About the album
Diego Figueiredo was a sensation at last year’s jazz festival in Copenhagen, as he has been in his native Brazil – or wherever else he has presented his amazing guitar skills. In Copenhagen, he performed with Brazilian vocalist Silvana Malta’s group, and audiences refused to let the young virtuoso leave the stage. An unanimous press called his performance the high point of that year’s festival. A solo performance was hastily arranged, and with rumors speeding ahead, it drew a huge crowd.
Rodolfo Stroeter is in great demand as bassist and producer on classic Brazilian recordings including those of Joyce and Gilberto Gil. When Stunt Records invited him to produce a CD with Diego, he was exuberant. And – how lucky can you be – the legendary drummer Robertinho Silva was close by. A Brazilian super trio was born on Danish ground, and a wonderful instrumental bossa record, that swings and sways and spreads great vibrations.
“We don’t make this kind of album in Brazil anymore”, Robertinho explained in between praising young Diego, “You are going to be... no, you ARE a star.”
Despite the abundance of talent in Brazilian instrumental music, it is not easy to find a new artist with a combination of instrumental skills and the ability to move freely within various idioms. Diego Figueiredo has these gifts. He has done a lot of touring as a soloist and with his own trio in USA and southern Europe. He won the Gibson Guitar Contest at Montreux Jazz Festival in 2007, where George Benson presented the prize. (In 2005 he placed among the top three). He is widely recognized as one of the world’s great guitarists today.
In 2001 Rodolfo Stroeter judged a contest, the object of which was to find the year’s biggest surprise in Brazilian instrumental music. It was at this event, that he first noticed the then 21-year old guitarist. Among all the contestants, he alone had the aura that is inherent in any true virtuoso. In Diego, Stroeter found an instrumentalist with the capacity to revise the traditional Brazilian samba and choro. Apart from his obvious technical ability and the clarity and timbre flowing from his instrument, he demonstrated that it was possible to combine elements in Brazilian tradition creating a result that was neither avant- garde nor traditional. His natural equilibrium and sophisticated mixture of improvisation and interpretation made it clear that they were witnessing a rare artist of the kind born out of dedication and originality. He combined samba, choro and jazz, and the Brazilian syncopations were integrated naturally in his playing – not as something studied, but as part of his musical personality. It was then, that Stroeter realized, that he and Diego must work together sometime.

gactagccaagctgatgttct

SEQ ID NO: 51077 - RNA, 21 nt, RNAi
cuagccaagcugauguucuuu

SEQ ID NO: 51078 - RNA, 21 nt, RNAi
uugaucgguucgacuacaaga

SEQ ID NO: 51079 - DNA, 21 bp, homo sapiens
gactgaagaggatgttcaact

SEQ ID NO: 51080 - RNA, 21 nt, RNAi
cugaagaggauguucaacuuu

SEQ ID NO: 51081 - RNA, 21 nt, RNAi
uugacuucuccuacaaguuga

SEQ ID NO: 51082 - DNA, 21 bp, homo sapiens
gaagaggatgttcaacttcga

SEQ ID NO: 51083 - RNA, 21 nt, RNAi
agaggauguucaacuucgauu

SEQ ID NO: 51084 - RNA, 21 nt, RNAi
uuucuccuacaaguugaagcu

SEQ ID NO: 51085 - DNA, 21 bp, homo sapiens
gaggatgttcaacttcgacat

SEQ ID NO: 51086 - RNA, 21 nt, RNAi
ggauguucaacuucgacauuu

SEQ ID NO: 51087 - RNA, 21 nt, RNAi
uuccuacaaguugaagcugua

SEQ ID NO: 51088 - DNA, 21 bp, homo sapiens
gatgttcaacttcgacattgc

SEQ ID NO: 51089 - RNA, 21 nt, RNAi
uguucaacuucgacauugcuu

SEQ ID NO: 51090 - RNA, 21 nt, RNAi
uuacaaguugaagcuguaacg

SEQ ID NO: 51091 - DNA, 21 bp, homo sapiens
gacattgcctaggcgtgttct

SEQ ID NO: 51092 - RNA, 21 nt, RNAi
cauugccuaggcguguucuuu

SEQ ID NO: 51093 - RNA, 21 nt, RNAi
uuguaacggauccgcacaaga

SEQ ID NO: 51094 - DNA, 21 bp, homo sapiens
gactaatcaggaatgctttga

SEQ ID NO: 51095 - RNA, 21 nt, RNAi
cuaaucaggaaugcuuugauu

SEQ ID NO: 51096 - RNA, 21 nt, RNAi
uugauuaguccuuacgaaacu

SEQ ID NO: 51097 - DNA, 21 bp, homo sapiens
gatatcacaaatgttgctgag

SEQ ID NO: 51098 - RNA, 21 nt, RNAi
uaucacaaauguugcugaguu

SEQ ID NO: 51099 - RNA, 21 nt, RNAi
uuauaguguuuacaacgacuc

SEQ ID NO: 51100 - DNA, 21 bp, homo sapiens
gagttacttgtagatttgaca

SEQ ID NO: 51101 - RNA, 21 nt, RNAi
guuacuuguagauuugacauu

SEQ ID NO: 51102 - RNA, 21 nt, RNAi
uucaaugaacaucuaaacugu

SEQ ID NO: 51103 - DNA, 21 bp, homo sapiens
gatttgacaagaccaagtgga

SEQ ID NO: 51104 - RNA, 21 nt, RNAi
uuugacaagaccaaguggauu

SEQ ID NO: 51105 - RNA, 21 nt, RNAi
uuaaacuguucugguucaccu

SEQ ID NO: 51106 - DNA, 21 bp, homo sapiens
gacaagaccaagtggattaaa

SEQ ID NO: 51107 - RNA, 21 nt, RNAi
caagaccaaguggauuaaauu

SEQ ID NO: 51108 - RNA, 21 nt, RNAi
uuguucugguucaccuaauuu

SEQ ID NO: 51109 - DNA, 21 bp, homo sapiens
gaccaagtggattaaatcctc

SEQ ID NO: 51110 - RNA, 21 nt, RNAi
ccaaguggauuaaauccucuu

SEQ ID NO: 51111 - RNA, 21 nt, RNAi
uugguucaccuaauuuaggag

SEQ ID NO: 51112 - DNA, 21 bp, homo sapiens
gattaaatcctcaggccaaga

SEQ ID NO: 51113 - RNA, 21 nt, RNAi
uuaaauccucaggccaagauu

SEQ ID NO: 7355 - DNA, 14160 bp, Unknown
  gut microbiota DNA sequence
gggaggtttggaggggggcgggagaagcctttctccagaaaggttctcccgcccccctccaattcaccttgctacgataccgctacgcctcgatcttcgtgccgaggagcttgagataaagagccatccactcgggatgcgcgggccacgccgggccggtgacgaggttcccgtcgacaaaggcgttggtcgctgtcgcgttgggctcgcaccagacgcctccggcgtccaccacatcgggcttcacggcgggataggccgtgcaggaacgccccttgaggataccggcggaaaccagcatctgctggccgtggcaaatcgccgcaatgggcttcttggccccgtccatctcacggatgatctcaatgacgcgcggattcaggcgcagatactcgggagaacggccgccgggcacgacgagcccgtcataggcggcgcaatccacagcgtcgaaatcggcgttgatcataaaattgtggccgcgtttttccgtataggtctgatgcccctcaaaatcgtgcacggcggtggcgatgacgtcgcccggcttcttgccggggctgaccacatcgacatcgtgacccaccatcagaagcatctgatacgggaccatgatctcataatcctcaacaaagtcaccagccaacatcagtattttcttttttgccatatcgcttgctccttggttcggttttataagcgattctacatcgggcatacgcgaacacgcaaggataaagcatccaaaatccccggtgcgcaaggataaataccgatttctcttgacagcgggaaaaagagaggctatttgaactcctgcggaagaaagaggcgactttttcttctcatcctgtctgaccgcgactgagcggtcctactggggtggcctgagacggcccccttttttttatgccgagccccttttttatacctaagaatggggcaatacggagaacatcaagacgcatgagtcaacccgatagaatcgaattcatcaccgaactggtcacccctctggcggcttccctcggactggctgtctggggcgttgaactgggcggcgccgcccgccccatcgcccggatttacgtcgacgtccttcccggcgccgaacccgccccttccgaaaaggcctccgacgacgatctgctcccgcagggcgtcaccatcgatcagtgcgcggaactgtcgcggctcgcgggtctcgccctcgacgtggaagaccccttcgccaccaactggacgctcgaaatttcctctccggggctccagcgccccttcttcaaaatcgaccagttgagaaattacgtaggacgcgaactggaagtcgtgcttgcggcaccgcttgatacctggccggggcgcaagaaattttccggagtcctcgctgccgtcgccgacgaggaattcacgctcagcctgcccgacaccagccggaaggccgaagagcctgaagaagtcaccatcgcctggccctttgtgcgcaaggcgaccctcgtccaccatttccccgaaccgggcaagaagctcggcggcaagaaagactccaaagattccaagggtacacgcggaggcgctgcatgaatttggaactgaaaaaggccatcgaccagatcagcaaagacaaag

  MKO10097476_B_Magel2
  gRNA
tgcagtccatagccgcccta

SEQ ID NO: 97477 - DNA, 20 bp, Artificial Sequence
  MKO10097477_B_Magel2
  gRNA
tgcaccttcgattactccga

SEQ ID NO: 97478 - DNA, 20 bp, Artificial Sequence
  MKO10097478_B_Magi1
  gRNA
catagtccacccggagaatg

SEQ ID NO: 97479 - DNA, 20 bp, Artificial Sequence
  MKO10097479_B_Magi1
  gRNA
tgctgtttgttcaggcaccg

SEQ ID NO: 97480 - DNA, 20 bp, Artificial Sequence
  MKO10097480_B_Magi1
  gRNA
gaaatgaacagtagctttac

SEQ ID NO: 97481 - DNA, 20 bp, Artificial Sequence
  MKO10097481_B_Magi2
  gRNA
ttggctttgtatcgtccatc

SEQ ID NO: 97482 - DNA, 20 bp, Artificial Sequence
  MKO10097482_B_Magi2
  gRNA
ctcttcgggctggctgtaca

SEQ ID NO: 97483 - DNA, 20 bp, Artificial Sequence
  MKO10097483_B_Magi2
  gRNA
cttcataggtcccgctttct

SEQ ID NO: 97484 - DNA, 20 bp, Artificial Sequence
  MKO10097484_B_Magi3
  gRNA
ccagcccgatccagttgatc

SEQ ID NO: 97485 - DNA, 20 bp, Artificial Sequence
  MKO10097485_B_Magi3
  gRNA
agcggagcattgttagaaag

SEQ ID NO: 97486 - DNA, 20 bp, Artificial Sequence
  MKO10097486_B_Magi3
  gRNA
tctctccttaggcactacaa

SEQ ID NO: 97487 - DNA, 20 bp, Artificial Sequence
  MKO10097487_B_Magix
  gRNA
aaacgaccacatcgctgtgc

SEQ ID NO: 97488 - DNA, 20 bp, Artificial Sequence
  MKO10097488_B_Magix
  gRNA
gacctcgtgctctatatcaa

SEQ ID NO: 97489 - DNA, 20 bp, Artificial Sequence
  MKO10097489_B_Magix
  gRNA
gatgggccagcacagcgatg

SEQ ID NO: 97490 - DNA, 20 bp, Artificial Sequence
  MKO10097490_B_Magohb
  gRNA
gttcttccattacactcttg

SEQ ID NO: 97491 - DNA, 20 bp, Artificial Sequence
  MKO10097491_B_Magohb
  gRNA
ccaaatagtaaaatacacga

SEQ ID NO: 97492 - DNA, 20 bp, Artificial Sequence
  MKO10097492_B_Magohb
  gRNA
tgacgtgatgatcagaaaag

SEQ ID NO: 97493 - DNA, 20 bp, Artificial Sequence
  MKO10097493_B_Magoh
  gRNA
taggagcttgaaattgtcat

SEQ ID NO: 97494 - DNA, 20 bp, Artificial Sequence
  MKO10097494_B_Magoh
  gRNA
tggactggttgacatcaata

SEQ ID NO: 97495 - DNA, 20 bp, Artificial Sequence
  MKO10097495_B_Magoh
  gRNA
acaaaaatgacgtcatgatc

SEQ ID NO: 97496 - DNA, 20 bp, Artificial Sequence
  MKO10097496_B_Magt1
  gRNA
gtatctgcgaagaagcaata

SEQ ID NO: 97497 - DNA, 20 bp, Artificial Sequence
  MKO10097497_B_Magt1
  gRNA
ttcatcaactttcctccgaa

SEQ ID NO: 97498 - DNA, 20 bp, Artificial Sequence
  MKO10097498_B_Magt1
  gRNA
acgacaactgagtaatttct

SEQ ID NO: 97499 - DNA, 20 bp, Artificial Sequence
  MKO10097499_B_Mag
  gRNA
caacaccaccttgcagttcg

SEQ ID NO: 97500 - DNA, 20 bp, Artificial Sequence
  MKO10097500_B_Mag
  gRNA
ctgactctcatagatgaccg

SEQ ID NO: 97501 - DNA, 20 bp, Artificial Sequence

Diego Figueiredo was born in 1980 in Franca, São Paulo, and began to play at the age of four. By the time he was twelve, he was causing attention locally, and at fifteen he was enthralling audiences all over Brazil. He has recorded several albums, as a soloist and in groups, and has toured extensively in Brazil, USA and Europe with great success.
Rodolfo Stroeter has worked with Robertinho Silva on numerous projects. He is an outstanding man. His rare skills as a sideman, his sensitivity and his sense of rhythm are legendary. He is known to always be in a good mood and never to take himself too seriously. Roberto is a citizen of the world. He possesses the rare talent of knowing how to accompany music. His good humor is reflected in every note, in every Afro-Brazilian cell, in every beat. But more than anyone, he knows that to accompany means to improvise together, adding to what already exists and never losing focus. The rhythm in his soul is the face of Brazil – his face.
Diego and Robertinho had never met. Robertinho had never even heard of Diego. But this is one of the magic coincidences that are common in music. It seemed certain that Robertinho would bring something extra to the session: His sensitivity, focus and extremely high level of expertise. The match between Diego’s youthful skill and those of a mature rhythm section proved pure magic.
The repertoire consists of compositions by guitarist Baden Powell and classic tunes by Ary Barrosso, Noel Rosa and Tom Jobim interpreted with a presence and grace that one could barely have dreamed for. DIEGO also includes the beautiful waltz Valda and a percussion solo by Robertinho, Dadaiô, which wound up giving the CD its title. Don’t ask what that tune is made of, but the spirit of Brazil is present in every note, chord and beat. The trio now works together on a steady basis. The sound of their combined talents will touch every listener with the same sense of love that touched sound wizard Bjarne Hansen when he recorded them at Sun Studio in Copenhagen.
Dadaiô is a word invented by Robertinho. It is a way of saying “cuidado aí ô”, which means something like “take it easy, be careful” – only pronounced in Robertinho’s personal “goody moody” fashion.
11Na baixa do sapateiro10:00
11Samba de uma nota sÃ³07:13
11Morena boca de ouro07:35
11Lamentos do morro07:05
11All the things you are08:41
11O morro n?o tem vez05:52
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